It's been a heavy week. Yes, Christchurch. But life's other tragedies as well.
As we filed into our seats at Auckland's Town Hall last night, the mood was subdued.
In our small group alone, we were dealing with a recent suicide. Another one. The messy breakdown of a marriage. The ongoing grief of losing a beloved sibling.
It was not a night for celebration or jubilation.
As Te Karehana Gardiner-Toi took the stage for his first-ever headline show - an impressive sell out affair - it was clear he was nervous. His hands clenched and eyes downcast, the shy young man was clearly awed by both his surroundings and circumstances.
Right up until he began to sing. From the first pitch-perfect note - rich and warm yet soaked with fragile tenderness - Teeks commanded both the stage and the room.
He opened with the soulful Wash Over Me, from his 2017 EP The Grapefruit Skies, before addressing the room confidently in te reo. It was only when he switched to English that he hesitated, his confidence faltering as he took in the size and scale of the room.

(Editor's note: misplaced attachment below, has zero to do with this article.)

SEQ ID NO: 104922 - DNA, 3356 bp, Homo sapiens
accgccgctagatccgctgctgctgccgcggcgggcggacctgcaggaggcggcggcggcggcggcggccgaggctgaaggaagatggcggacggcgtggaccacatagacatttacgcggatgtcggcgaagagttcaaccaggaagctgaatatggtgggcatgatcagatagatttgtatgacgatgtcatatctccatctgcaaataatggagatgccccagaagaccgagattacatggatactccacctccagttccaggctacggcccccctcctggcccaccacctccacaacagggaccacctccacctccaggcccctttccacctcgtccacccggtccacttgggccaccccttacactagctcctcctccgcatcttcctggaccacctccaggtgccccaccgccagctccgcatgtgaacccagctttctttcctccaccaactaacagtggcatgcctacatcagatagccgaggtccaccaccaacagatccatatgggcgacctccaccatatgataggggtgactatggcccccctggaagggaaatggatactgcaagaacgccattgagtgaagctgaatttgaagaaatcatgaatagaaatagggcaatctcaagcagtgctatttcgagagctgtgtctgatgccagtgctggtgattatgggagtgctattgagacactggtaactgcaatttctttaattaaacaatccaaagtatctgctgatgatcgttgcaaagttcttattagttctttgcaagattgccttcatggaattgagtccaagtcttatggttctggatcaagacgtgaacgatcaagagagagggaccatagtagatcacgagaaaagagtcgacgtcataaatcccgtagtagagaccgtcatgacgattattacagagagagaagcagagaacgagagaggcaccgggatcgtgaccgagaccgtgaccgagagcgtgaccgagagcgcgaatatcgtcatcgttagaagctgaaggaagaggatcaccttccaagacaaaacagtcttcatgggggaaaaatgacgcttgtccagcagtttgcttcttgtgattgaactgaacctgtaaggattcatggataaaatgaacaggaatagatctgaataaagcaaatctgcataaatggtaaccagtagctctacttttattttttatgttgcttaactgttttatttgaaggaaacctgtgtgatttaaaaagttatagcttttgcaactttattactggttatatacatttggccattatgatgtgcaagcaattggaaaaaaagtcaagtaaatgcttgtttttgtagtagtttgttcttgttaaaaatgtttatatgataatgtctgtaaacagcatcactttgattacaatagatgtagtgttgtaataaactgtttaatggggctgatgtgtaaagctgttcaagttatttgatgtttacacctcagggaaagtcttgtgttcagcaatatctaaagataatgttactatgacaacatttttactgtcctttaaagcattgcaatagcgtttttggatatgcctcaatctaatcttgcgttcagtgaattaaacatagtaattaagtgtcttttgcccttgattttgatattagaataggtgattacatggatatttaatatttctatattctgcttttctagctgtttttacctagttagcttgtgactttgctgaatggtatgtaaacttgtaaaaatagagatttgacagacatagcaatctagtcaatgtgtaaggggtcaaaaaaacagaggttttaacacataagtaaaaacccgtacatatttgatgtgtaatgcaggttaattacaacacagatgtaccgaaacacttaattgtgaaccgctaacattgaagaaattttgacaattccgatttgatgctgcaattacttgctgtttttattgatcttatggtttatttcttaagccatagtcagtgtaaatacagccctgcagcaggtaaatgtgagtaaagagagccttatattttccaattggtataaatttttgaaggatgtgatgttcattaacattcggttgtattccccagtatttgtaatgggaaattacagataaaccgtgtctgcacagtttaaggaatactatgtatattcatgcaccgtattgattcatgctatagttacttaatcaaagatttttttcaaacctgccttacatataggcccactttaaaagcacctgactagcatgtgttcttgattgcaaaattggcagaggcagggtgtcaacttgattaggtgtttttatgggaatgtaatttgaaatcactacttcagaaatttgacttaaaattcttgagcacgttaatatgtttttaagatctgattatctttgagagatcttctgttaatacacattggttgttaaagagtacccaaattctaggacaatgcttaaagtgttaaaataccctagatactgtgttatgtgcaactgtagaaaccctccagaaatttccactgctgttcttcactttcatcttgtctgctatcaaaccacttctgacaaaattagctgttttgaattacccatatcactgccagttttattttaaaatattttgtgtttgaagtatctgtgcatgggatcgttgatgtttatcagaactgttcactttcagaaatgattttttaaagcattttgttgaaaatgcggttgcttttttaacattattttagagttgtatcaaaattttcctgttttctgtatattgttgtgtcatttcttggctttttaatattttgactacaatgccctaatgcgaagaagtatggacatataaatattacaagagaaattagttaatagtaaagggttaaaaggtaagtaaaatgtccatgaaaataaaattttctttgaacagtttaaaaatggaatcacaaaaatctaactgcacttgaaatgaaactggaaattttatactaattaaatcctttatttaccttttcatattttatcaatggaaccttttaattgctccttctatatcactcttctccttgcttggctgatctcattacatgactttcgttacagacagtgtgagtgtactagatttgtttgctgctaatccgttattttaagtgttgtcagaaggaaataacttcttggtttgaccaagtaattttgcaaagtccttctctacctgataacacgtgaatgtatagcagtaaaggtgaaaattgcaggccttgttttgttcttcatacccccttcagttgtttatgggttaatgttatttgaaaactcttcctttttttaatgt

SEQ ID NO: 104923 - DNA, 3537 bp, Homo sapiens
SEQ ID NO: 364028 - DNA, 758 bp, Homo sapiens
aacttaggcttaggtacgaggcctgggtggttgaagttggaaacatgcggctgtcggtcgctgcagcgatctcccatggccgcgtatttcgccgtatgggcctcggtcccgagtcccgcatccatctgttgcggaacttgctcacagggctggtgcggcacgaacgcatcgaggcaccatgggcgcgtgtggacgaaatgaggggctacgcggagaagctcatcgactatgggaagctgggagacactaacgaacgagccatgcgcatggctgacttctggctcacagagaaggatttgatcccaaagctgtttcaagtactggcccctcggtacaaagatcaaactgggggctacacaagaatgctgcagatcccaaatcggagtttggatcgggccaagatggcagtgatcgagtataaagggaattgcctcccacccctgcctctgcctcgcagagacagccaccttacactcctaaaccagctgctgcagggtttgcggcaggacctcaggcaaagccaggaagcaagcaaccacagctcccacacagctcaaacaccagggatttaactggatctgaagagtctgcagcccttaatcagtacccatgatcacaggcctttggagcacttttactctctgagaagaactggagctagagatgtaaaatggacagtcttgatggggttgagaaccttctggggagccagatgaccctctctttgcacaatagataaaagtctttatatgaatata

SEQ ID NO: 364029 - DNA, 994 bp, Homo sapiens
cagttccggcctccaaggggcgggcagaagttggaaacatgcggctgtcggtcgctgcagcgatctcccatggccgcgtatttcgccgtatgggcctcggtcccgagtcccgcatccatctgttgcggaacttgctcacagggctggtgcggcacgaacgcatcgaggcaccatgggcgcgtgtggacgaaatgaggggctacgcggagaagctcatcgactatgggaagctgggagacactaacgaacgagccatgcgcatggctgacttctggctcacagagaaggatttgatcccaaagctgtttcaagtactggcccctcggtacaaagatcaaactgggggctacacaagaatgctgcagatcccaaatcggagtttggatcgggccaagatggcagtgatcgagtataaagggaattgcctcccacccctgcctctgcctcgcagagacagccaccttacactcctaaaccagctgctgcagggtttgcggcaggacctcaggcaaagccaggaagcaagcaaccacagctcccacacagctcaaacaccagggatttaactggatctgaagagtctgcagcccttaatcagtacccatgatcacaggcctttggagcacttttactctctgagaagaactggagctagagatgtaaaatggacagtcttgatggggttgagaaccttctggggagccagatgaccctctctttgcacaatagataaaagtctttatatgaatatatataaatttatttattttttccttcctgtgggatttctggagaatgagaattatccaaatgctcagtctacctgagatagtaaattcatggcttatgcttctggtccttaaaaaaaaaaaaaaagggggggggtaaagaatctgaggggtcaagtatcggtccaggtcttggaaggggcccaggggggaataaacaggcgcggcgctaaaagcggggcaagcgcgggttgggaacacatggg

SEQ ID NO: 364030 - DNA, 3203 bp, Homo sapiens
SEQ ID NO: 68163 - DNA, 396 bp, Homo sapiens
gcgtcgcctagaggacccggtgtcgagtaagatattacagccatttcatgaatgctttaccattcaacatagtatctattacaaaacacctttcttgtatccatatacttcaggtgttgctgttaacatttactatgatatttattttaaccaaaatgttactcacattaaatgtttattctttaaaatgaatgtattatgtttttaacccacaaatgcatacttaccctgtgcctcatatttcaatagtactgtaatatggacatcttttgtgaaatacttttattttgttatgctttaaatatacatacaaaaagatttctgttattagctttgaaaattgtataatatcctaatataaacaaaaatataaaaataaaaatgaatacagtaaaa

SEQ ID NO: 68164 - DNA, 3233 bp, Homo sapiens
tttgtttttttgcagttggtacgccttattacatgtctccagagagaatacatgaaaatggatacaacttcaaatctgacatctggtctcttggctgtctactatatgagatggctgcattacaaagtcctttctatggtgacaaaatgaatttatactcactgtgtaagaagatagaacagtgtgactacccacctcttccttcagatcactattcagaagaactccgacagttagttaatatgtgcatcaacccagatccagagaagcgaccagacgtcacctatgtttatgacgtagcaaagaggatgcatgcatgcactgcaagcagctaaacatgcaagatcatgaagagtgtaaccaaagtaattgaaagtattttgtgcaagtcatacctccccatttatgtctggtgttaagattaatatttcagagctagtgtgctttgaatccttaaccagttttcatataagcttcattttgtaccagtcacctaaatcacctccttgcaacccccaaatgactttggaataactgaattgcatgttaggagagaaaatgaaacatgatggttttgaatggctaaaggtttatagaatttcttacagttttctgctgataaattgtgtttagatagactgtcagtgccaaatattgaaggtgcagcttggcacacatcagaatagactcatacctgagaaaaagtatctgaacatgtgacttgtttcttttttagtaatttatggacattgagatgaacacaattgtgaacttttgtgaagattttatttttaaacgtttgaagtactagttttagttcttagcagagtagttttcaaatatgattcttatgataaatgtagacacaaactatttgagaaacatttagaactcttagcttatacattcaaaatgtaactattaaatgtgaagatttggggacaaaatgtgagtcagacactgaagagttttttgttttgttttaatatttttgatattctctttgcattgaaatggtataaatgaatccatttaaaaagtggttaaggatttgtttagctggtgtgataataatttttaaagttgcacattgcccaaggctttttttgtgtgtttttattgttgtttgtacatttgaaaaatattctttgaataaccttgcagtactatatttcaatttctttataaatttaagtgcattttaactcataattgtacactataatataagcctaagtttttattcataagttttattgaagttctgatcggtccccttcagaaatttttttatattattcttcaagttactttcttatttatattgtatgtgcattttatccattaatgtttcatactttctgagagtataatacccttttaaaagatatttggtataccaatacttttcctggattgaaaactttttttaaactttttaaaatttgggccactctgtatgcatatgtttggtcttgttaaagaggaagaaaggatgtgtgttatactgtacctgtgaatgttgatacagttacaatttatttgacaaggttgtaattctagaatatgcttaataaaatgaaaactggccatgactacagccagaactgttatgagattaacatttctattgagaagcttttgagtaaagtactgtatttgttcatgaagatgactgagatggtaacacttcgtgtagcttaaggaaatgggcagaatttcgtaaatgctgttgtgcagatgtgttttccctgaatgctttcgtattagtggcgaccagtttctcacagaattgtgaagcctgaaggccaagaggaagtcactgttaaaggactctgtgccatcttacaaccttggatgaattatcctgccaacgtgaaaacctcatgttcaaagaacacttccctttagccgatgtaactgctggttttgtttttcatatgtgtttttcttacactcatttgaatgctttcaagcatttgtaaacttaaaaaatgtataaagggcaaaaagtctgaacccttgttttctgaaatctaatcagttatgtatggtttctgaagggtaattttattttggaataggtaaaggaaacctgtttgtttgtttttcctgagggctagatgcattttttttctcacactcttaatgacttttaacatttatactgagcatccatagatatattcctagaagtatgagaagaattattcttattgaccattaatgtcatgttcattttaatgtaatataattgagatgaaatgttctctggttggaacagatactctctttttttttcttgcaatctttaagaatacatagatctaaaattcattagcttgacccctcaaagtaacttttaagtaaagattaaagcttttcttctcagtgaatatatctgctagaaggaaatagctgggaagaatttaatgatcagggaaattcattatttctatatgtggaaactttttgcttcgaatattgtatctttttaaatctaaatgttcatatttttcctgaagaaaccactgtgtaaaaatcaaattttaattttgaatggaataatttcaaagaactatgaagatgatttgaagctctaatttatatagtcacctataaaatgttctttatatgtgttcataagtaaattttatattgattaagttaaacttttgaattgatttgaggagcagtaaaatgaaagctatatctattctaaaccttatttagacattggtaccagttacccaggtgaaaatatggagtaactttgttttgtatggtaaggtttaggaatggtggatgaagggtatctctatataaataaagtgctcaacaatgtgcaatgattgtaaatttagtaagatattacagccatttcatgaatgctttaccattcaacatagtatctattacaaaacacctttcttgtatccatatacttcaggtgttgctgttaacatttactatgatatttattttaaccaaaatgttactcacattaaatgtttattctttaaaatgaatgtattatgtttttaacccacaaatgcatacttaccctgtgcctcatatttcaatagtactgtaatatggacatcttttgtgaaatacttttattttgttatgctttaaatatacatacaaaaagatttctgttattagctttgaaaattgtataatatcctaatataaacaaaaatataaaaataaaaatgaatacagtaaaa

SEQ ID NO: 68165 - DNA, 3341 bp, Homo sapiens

He had always wanted to play the Town Hall, he told the crowd, and electricity filled the room as we realised we were witnessing someone achieve their dreams in real time.
As the night progressed, we were taken on an ever-deepening emotional journey as Teeks shared new music - the first time he'd performed many of the songs live - along with a handful of exquisite covers, including Bic Runga's Drive.
Every song, old and new, felt beautifully familiar, embracing and enthralling listeners. As his voice soared, you couldn't help but imagine Teeks performing on a bigger stage, in front of a bigger crowd, captivating the world with his vocal superpower.
At one point, he sang "set fire to my soul, you're making me whole again". Never has a lyric felt more exacting.
But even then, there was more magic to come. Joined on stage by a champion kapa haka group, the room erupted as Teeks performed a rousing version of his cousin Ria Hall's waiata Te Ahi Kai Pō, a song of protest about Māori land confiscation and colonial oppression.
The powerful performance earned a well-deserved standing ovation and would have been a worthy closing number. But there was still one more treat in store. One more healing salve.
As Teeks introduced Hollie Smith to the stage, the pair performed a flawless duet of the classic hymn, Whakaaria Mai.
It was exquisite. Not for the first time, tears were shed. Neither tears of sorrow or joy - simply tears of feeling. And healing.
For our small group, it was everything we needed. And I suspect, for others as well.